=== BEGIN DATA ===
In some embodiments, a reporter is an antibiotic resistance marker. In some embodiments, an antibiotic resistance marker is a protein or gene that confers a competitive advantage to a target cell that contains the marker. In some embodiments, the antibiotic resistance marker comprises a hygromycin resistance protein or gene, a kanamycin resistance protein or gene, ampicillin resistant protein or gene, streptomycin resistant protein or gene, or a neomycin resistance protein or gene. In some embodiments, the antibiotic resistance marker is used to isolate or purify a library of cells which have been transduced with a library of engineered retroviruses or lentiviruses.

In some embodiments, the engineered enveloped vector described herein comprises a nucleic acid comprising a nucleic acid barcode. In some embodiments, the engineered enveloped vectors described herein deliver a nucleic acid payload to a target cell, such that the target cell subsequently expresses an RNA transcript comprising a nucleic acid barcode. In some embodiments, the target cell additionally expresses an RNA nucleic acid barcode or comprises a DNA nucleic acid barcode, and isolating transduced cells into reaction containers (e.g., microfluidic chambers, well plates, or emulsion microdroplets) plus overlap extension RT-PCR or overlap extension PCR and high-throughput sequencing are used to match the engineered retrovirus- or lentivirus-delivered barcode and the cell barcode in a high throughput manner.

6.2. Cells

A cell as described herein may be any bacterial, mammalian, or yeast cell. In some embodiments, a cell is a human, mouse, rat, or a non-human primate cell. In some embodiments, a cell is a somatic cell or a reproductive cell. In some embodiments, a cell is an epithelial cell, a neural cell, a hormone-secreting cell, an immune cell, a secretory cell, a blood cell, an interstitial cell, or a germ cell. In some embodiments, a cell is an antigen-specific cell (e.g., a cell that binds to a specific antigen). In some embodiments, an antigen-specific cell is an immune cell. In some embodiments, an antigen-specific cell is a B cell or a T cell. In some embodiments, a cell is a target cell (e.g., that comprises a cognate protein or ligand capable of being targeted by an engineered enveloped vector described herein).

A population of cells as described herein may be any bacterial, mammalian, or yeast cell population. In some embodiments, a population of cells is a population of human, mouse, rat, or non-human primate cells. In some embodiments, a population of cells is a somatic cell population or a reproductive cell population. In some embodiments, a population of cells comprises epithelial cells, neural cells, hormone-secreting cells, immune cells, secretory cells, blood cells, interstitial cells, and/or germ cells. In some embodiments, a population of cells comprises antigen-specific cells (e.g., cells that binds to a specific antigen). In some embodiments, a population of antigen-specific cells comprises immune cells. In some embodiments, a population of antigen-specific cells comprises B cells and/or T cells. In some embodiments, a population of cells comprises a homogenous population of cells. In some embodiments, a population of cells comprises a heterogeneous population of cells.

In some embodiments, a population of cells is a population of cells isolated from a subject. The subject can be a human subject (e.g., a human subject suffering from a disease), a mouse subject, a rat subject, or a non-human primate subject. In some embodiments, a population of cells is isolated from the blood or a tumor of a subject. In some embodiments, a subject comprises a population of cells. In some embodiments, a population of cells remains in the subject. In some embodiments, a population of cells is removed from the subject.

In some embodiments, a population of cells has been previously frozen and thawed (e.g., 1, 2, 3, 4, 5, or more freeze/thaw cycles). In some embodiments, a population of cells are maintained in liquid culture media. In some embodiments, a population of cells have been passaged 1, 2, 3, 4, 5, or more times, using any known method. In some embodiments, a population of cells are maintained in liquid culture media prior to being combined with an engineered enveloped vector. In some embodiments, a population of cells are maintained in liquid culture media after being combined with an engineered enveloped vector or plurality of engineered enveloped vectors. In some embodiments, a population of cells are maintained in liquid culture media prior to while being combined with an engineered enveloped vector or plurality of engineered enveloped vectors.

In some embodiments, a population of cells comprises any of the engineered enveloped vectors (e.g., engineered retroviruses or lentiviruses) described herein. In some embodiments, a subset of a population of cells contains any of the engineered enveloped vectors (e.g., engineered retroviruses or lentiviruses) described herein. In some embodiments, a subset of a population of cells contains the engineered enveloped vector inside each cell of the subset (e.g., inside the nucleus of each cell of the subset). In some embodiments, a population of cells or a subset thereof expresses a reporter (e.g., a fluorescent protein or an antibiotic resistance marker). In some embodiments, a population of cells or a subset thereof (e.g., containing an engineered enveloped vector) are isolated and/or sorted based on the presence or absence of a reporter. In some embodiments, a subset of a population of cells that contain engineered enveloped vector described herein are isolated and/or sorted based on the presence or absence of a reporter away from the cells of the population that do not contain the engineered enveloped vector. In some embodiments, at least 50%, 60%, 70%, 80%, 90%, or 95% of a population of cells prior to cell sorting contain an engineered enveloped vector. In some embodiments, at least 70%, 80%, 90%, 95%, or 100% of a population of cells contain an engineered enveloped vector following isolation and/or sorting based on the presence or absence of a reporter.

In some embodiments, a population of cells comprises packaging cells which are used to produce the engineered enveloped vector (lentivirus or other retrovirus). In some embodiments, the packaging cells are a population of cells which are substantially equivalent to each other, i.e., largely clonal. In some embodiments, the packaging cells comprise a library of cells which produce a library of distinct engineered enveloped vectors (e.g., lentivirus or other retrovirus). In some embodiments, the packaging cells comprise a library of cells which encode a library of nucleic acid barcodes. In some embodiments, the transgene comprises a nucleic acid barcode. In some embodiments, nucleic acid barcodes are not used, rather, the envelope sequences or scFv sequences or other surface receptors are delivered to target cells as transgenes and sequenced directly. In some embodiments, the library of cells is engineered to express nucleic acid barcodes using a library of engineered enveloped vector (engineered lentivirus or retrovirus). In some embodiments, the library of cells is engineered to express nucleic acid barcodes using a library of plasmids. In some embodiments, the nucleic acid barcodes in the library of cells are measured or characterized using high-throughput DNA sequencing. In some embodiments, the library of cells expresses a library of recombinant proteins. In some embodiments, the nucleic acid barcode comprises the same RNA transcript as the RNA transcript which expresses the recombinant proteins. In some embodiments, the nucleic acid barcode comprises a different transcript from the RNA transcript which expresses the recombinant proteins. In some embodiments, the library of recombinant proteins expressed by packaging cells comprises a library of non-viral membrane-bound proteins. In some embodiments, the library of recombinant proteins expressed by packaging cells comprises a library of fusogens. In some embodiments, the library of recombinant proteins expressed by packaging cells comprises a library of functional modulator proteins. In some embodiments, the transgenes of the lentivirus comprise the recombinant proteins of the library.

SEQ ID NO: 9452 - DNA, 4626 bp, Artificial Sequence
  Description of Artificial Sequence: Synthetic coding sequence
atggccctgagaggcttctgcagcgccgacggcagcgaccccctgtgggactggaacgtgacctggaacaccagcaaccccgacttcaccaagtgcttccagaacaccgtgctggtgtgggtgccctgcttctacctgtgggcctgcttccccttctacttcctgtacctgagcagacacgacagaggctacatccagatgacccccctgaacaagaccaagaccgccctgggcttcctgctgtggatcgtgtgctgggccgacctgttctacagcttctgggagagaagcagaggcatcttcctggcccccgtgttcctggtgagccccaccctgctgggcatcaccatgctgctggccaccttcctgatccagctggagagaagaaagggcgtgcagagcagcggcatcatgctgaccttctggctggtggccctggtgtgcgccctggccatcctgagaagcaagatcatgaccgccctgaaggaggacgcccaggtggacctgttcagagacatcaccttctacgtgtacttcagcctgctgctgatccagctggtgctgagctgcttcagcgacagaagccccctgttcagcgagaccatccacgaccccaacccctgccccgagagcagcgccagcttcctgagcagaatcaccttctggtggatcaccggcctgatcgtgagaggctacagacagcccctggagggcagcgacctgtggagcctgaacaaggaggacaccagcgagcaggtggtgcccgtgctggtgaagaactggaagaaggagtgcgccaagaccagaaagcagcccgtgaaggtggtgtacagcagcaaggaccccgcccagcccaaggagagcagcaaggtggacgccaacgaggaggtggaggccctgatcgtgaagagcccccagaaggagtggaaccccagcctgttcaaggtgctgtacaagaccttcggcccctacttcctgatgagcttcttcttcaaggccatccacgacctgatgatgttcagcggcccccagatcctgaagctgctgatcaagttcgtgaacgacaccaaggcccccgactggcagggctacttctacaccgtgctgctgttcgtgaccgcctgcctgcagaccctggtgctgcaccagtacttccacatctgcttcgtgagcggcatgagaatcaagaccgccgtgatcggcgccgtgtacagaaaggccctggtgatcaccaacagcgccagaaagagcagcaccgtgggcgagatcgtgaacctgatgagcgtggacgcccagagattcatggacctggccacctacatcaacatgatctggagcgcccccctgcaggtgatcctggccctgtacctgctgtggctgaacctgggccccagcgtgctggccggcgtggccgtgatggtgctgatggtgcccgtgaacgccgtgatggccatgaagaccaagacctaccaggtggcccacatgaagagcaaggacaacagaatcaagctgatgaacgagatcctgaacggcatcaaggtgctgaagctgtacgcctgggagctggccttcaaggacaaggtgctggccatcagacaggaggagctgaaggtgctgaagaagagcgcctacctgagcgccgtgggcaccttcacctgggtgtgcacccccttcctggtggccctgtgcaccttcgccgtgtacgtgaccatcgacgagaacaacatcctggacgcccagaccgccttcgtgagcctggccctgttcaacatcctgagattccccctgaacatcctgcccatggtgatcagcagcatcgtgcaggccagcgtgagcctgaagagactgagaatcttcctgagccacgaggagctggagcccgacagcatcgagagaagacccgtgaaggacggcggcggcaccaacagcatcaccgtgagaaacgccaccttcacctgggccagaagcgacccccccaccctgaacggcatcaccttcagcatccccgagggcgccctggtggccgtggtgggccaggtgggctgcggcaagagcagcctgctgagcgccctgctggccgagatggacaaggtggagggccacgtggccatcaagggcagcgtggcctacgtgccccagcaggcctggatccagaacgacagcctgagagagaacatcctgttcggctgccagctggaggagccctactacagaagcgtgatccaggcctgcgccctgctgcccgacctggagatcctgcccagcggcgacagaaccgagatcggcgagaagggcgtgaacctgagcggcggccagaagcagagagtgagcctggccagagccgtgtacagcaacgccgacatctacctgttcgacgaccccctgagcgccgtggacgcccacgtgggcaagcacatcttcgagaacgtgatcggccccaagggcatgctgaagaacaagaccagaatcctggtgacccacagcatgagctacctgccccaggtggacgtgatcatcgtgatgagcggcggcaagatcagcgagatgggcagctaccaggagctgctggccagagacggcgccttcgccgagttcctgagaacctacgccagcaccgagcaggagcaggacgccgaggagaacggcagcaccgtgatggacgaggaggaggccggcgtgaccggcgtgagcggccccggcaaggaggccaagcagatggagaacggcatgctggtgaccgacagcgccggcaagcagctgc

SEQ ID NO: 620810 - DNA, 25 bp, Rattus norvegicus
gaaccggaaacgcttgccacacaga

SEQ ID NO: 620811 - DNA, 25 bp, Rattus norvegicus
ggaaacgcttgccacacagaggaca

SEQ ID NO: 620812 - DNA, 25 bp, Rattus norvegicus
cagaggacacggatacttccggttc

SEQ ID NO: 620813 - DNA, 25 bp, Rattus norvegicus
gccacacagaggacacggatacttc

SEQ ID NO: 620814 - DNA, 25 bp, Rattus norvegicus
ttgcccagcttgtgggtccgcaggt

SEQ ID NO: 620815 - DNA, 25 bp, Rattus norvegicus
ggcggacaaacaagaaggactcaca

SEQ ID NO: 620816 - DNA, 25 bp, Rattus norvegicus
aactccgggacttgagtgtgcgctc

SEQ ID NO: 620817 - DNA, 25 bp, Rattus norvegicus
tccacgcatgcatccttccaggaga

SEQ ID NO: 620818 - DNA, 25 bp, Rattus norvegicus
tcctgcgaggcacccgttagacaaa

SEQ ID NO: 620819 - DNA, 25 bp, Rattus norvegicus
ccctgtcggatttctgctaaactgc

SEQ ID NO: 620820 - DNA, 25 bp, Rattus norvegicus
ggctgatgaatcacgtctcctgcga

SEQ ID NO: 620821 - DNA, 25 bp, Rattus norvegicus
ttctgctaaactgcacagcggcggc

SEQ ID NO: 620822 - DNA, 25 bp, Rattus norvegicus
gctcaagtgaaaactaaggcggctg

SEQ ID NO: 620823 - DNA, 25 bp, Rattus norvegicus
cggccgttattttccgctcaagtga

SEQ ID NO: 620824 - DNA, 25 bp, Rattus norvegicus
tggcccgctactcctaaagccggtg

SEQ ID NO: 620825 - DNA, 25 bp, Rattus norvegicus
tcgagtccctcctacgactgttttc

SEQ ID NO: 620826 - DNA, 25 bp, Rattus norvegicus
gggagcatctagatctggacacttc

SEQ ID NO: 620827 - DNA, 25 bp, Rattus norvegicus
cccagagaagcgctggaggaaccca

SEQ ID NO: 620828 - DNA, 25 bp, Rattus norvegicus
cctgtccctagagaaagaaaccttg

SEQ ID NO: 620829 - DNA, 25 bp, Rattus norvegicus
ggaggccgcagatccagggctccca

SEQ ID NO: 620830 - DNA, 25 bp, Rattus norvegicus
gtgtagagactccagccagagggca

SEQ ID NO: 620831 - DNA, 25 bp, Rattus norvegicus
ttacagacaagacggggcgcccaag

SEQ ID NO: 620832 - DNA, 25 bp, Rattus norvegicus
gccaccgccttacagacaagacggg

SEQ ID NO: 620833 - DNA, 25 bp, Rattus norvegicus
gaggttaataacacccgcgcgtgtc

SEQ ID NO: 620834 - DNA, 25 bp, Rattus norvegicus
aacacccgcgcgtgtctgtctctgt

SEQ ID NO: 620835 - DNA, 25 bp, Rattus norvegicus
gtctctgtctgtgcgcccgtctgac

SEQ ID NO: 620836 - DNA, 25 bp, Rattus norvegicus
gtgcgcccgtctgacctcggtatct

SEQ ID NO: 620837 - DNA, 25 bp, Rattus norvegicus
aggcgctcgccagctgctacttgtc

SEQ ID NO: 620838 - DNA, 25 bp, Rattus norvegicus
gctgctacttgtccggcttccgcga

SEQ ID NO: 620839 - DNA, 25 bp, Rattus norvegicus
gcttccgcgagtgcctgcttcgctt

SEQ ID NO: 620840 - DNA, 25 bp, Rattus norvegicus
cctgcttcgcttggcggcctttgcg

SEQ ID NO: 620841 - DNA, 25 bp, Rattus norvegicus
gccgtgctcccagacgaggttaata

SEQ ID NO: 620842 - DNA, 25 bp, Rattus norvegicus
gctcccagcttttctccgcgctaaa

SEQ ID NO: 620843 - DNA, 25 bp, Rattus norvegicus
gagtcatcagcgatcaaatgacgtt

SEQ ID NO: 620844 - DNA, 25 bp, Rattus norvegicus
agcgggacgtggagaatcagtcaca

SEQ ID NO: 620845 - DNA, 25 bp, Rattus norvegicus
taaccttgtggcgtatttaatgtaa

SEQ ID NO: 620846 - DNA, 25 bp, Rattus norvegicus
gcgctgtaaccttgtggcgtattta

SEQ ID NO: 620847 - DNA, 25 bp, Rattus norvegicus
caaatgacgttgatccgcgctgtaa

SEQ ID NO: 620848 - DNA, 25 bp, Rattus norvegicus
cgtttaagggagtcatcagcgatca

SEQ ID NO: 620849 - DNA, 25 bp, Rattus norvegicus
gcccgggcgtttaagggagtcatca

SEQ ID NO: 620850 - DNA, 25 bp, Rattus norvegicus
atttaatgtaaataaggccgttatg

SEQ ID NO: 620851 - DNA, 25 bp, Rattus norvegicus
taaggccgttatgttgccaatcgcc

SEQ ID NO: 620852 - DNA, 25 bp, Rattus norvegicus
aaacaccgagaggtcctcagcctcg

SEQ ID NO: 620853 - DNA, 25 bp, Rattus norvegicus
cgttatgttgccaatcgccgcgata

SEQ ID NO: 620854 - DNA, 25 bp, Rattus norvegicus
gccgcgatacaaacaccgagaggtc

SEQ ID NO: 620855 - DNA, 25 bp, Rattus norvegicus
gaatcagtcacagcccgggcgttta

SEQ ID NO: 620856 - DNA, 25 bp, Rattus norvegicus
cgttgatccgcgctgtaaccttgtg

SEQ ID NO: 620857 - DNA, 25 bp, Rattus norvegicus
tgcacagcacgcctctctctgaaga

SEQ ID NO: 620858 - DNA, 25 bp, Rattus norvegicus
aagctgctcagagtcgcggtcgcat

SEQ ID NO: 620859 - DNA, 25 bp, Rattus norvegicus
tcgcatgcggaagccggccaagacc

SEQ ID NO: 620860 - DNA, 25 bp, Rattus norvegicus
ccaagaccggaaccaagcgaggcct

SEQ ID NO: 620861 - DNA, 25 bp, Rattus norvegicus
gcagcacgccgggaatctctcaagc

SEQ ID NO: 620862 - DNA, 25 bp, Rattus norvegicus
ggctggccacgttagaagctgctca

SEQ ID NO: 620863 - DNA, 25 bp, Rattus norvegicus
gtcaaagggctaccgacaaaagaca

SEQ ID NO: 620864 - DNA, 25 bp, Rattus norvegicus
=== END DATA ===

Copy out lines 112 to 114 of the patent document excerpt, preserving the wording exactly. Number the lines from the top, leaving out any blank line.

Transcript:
tcgcatgcggaagccggccaagacc

SEQ ID NO: 620860 - DNA, 25 bp, Rattus norvegicus
ccaagaccggaaccaagcgaggcct